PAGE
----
New philosophies and approaches to education are being addressed in a book, which is being read by Marshalltown Community School Board members and district administration.
The book is “Schools Cannot Do It Alone: Building Public Support for America’s Public Schools,” written by Jamie Vollmer.
The book addresses the increasing workload public educators are asked to lift. However, no matter how hard they work, educators are not producing the results Vollmer writes America needs.
This is because the system is designed to educate youth for a society which no longer exists.
The board members are dedicating time to discussing some of the philosophies at each regular meeting, and they did so on Monday.
Superintendent Theron Schutte said Vollmer was one of the lead faces for No Child Left Behind – a 2001 law which penalized school districts if students did not display improvement in academics. Schutte said Vollmer took time to speak with educators and came “full circle.”
Something school board member Jan McGinnis got from the book was the system is only designed to excel in educating the best students and provide everyone else with “just enough.”
“We have a system where that just doesn’t work anymore,” McGinnis said. “We have a culture where they have to learn rapidly, constantly and we need to be training all of the kids.”
She said each student has a talent, and those talents need to be nurtured by the education environment – something which is not currently done.
McGinnis said she also found the concept of time interesting.
“We have been operating under the assumption that the smartest children learn the fastest, and there’s really no research that supports that,” she said.
As an example, McGinnis said the education of how to read ends after second grade.
“We have a lot of data that shows us a third of the students don’t have that yet,” she said.
McGinnis said the idea is the children continue to learn, so the district needs to continue to teach.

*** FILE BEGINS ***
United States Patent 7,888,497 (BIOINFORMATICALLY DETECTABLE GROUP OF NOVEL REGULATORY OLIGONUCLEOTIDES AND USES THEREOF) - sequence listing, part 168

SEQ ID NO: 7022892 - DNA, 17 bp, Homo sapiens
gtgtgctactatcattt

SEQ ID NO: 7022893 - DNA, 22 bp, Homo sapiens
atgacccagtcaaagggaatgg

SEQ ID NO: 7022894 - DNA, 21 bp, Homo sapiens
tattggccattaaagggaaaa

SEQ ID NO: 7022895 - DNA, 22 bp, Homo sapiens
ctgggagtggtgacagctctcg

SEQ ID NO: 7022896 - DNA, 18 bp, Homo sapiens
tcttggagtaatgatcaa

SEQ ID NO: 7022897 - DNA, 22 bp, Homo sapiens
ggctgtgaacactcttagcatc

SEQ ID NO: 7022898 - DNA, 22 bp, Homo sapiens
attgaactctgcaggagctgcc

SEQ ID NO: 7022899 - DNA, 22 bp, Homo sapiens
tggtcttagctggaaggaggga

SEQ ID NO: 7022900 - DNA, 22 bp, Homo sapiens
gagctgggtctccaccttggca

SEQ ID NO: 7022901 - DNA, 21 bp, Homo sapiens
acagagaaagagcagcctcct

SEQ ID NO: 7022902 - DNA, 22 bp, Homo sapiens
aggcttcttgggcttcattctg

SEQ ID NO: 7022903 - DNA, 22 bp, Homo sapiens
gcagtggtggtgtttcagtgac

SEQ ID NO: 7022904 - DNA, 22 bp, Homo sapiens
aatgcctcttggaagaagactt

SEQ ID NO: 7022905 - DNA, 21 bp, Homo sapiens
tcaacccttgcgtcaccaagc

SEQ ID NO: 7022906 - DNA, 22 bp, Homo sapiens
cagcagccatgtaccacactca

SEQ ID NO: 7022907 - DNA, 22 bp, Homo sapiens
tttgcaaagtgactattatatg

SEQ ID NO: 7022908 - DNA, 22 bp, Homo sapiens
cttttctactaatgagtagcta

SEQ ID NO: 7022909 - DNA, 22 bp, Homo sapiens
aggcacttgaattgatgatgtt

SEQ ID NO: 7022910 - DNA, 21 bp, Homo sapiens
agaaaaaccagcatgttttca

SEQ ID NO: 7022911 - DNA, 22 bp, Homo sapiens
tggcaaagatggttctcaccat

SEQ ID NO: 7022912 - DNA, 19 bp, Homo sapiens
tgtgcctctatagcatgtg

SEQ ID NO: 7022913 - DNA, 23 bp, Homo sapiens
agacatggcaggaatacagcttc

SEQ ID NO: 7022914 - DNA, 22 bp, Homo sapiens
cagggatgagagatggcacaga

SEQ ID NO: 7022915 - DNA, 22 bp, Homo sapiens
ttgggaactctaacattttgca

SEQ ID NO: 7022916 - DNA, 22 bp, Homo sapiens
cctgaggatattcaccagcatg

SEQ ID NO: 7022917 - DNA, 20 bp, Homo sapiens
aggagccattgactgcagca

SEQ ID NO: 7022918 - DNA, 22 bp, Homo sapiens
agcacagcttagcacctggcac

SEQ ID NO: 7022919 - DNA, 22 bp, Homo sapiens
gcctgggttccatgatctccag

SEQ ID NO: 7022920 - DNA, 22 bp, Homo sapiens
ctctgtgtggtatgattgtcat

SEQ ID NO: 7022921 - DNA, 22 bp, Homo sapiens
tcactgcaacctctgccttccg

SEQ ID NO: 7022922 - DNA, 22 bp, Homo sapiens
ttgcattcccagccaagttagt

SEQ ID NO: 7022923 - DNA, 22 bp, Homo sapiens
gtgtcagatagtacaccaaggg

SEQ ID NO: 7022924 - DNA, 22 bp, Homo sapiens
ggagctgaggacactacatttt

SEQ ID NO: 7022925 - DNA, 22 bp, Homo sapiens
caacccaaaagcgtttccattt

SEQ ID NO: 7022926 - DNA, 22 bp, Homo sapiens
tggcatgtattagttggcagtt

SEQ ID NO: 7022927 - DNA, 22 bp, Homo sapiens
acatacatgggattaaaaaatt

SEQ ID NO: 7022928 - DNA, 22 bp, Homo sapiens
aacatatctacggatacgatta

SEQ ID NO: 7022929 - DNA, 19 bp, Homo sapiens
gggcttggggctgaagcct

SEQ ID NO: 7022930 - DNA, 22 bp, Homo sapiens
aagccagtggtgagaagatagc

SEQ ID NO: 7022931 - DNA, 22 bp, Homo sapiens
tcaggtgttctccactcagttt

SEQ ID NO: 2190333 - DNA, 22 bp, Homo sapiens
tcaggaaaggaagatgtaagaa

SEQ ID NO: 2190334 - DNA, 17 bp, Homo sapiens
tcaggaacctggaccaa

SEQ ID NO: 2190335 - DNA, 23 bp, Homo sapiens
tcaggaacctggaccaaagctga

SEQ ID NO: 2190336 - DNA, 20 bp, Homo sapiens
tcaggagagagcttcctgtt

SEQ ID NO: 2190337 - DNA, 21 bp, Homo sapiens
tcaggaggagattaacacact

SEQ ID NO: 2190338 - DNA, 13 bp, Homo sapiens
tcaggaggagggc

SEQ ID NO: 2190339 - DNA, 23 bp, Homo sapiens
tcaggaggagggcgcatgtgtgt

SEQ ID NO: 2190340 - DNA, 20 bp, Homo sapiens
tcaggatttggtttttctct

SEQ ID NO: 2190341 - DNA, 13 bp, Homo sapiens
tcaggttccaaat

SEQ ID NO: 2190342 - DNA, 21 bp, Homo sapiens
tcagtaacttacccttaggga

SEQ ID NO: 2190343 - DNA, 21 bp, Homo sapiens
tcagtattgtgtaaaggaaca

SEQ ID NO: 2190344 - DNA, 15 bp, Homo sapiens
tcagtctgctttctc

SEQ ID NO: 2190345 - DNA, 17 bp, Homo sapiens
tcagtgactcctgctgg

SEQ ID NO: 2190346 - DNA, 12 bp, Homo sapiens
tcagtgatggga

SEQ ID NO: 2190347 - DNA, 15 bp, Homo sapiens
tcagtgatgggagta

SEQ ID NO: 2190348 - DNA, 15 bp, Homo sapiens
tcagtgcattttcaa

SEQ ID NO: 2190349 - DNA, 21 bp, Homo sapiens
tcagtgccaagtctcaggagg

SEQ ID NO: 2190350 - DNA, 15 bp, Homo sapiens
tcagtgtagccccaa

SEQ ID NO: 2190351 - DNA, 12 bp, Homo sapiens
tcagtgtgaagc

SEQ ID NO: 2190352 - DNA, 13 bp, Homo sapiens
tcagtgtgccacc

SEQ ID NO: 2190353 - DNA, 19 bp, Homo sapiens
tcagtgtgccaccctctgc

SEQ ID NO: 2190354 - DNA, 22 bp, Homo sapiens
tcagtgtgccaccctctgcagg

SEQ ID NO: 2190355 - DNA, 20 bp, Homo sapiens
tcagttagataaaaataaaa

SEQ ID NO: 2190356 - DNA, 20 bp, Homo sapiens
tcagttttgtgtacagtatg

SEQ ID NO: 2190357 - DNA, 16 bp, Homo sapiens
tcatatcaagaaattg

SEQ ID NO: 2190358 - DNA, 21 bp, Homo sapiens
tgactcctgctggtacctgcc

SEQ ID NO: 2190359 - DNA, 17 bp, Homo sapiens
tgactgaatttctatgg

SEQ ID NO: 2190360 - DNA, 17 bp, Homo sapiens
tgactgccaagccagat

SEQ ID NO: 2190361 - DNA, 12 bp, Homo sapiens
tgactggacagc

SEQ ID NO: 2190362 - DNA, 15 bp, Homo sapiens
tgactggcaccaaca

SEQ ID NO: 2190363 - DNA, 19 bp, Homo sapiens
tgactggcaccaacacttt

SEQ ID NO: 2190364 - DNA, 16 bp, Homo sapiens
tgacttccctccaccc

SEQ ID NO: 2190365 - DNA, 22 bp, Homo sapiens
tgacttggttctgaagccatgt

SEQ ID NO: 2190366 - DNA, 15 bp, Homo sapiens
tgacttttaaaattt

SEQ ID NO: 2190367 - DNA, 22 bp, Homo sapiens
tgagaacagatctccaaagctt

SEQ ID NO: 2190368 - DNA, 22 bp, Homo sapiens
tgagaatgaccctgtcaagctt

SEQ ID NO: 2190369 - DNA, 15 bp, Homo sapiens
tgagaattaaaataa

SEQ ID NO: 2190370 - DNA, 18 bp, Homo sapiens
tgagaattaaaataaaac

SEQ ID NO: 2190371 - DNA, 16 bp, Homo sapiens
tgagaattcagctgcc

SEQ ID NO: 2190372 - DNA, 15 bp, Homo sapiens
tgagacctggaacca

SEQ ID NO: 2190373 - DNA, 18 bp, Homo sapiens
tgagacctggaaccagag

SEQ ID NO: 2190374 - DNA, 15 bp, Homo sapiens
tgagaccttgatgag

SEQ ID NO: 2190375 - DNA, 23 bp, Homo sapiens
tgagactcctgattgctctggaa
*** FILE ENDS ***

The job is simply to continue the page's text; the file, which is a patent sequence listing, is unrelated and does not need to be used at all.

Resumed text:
Board president Bea Niblock said she thought a chapter in Vollmer’s book in which he writes about serving as a paraeducator was a good one. In that chapter, Vollmer describes the education system as being familiar, as it had not changed since he was a child.
“I used to tell my staff the only place Rip Van Winkle would be comfortable if he were to come back now would be public schools, which is truly a sad state of affairs,” Niblock said.
McGinnis agreed, even though the look of the classroom has changed in 40 years — from using chalk and blackboards to virtual.
“So many things have changed yet we are still trying to work those changes in an archaic structure; where children are sorted by age,” she said. “Where else in society do we sort people by age? Let me have all the 25-year-olds sit together.”
McGinnis said the system needs to be fixed.
School board member Bob Untiedt said the four values addressed in the book — understanding, trust, permission and support — need to be established between MCSD and the community.
“That’s a different challenge as well,” Untiedt said.
Schutte said those four values were eroded significantly during No Child Left Behind, which ended in 2015.
“It was more blaming people and blaming public schools for not doing this or that,” Schutte said. “There’s a lot of rebuilding that needs to be done and I think that’s really the premise of this whole message — that the schools can’t do it by themselves, parents can’t do it by themselves. Businesses are not going to be able to do it by themselves. We have to find a way to be able to productively engage and work together in order to make sure youth are prepared for their futures.”
Contact Lana Bradstream at 641-753-6611
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